With federal desegregation in the early 1920s, the postal service became one of the first and largest opportunities for Black people to become a part of the middle class. Today, nearly 50% of postal workers are Black and brown folks. For the everyday Black worker, the postal service has represented the dignified, stable employment they deserve and are often refused elsewhere. To defund the USPS would be to deny future generations this opportunity and dishonor the legacy of Black postal workers.
Now, we’re taking this matter into our own hands by writing and sending #BlackLoveLetters through USPS. In our #BlackLoveLetters video, we asked parents to write love letters to their children. Their letters embody everything our movement stands for: why Black Lives Matter.
Learn more through this video about our #BlackLoveLetters campaign and why it’s so important that we participate in writing #BlackLoveLetters to one another — then, get to writing!
Watch our #BlackLoveLetters video of parents and children:
#BlackLoveLetters is BLM’s first economic justice campaign. So when we say fund the postal service and defund the police, we mean it. We mean fund Black legacy and Black history.
While we do our part, we also believe the federal government should get to work ensuring the long term success of the USPS through programs such as postal banking. Measures like this would not only increase employment and revenue at the postal service but also further economic justice by expanding access to secure banking in communities of color.
Through #BlackLoveLetters, we are celebrating our historic contributions to the USPS and demanding that our legacy be protected. Over the next few days, we’ll be sharing on social media remixes of stamps celebrating Black people done by supremely talented Black artists as well as love letters written by some of our friends which you can see in our video.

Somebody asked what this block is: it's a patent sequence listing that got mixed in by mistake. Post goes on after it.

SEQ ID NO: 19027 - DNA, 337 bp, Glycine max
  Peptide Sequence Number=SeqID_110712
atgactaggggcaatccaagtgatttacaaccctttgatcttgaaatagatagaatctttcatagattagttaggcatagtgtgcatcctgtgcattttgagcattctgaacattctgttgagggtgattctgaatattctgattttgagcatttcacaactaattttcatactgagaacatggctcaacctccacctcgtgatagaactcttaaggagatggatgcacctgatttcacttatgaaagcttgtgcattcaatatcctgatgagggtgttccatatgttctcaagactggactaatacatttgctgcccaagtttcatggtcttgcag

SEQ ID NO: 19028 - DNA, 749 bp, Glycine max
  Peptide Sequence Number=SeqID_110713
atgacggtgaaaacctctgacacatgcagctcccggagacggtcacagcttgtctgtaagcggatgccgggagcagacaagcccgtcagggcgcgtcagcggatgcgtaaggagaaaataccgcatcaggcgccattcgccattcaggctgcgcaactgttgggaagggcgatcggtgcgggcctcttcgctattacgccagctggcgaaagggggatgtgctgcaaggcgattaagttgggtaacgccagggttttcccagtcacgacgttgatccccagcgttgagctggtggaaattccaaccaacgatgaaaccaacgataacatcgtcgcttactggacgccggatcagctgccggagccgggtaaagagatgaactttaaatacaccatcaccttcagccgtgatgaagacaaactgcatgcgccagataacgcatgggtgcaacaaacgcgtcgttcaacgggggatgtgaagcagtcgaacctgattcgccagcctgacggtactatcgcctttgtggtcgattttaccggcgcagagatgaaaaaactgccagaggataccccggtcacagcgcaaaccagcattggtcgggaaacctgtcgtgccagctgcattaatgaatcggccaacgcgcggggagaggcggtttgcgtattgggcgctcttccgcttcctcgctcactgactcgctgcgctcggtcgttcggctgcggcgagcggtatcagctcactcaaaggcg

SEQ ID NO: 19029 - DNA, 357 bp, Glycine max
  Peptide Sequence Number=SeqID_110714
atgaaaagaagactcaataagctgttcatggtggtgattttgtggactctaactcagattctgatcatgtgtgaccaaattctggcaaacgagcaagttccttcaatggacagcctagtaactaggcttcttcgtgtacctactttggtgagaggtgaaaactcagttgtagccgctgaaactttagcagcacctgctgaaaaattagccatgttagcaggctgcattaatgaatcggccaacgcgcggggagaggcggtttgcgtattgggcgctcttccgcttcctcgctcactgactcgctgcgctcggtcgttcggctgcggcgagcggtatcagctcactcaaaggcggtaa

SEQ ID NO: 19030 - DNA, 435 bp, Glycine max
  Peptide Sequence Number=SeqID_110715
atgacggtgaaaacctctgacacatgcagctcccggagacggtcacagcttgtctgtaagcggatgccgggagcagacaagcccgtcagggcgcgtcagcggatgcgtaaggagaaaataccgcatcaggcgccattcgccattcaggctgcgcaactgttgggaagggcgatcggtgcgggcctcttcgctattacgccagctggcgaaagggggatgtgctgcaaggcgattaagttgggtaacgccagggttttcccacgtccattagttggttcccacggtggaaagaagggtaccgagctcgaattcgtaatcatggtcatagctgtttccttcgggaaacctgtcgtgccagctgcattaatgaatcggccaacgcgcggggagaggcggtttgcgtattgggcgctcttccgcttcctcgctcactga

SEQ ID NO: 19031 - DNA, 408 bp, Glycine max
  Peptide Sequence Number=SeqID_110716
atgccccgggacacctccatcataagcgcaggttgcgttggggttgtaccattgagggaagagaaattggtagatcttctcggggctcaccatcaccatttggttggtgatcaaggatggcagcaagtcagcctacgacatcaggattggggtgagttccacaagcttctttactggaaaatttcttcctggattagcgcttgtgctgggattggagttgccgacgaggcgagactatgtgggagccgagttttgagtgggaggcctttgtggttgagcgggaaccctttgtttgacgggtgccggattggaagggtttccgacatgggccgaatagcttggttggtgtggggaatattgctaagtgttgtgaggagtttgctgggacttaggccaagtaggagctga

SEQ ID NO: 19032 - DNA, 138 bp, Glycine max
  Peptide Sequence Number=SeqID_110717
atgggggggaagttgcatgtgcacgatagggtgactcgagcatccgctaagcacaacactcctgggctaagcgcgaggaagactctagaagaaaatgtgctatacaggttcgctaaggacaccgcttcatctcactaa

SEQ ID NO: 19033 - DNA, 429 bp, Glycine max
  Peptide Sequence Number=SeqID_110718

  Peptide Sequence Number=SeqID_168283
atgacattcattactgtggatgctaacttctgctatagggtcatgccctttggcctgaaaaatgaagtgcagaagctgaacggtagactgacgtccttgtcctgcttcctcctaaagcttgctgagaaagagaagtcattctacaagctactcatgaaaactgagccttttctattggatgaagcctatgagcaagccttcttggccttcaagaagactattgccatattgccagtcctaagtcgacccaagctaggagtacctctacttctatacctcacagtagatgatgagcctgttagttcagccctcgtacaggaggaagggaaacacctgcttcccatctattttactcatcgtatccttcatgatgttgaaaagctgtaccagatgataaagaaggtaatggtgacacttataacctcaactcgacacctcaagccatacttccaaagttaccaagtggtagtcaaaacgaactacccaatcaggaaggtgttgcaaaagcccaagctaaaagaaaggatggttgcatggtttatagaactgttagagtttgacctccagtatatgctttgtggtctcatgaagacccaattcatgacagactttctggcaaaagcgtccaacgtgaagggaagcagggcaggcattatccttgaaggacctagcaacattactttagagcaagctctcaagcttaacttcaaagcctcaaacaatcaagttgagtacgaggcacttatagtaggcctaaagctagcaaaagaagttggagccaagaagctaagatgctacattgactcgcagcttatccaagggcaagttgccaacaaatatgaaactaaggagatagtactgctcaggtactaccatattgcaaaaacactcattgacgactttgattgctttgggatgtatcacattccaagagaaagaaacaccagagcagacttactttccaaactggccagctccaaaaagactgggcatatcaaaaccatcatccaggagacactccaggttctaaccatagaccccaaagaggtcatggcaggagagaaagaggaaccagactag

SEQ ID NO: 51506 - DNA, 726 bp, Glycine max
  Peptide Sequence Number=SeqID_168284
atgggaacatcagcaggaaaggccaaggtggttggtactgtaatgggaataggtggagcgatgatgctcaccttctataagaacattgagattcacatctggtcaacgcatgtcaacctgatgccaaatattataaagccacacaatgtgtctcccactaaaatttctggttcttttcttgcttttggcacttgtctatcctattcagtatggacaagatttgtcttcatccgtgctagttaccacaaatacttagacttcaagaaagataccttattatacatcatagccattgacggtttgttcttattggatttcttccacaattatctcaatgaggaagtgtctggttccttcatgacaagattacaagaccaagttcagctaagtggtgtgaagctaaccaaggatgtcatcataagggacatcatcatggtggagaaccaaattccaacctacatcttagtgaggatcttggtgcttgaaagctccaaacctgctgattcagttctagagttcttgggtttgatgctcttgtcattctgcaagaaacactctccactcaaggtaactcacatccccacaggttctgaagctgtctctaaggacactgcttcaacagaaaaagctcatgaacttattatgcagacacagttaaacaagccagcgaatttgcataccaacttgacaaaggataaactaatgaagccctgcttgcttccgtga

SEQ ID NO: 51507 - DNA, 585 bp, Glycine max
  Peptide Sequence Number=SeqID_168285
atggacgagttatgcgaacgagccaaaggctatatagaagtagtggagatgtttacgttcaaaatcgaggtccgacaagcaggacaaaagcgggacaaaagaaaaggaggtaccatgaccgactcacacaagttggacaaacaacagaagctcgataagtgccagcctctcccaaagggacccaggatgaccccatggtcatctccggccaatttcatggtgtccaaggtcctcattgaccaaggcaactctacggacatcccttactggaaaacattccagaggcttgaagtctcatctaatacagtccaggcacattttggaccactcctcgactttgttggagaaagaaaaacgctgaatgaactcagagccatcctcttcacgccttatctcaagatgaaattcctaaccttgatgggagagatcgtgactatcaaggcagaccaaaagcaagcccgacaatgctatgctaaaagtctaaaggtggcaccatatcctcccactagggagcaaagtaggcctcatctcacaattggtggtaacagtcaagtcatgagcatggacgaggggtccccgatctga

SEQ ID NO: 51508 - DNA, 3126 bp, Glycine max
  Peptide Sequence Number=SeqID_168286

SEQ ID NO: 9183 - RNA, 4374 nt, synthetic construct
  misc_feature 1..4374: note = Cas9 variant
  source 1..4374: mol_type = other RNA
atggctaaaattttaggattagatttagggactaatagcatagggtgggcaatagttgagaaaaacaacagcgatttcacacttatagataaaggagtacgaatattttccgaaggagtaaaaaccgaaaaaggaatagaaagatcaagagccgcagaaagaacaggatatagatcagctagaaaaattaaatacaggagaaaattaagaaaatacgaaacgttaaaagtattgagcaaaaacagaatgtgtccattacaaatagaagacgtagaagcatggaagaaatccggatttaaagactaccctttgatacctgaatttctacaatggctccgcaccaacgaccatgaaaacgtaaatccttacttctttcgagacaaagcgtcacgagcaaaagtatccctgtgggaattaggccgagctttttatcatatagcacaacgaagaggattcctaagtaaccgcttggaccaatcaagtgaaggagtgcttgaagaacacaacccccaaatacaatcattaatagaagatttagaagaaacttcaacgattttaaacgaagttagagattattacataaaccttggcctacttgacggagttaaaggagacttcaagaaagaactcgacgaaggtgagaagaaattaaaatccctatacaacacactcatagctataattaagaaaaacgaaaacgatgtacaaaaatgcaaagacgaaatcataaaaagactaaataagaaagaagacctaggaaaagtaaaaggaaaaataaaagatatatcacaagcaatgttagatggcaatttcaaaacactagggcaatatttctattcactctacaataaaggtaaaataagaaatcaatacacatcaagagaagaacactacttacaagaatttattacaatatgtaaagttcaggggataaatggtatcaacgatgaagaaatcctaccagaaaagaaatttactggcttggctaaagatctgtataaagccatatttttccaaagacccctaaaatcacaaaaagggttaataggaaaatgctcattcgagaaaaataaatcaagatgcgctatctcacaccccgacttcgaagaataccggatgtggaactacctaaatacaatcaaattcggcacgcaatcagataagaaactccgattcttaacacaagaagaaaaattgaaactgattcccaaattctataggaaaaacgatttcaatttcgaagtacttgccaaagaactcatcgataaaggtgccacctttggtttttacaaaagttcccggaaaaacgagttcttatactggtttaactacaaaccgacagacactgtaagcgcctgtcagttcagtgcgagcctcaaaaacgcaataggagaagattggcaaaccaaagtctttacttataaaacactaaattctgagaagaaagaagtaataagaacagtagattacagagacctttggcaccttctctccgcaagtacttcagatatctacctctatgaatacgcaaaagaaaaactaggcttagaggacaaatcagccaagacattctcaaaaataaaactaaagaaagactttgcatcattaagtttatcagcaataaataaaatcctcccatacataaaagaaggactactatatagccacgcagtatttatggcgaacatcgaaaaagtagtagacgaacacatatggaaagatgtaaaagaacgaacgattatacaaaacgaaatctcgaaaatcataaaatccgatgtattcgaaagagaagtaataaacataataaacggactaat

By sending #BlackLoveLetters, we are centering love, connection, and beauty in a time of isolation, tension, and change. Every day, we embody the spirits of our ancestors and can connect through this creative intervention — all the while, it fuels our movement as we uplift and support our friends and family at the USPS.
Whether you’re writing to yourself, to an ancestor, to this country, to a friend, or to a family member, there are so many ways to get creative with this. Then, just buy a few stamps at your nearest post office, and send it!
Together, we heal, we love, and we connect to one another near and far as we celebrate and support our historical and current ties to the U.S. Postal Service.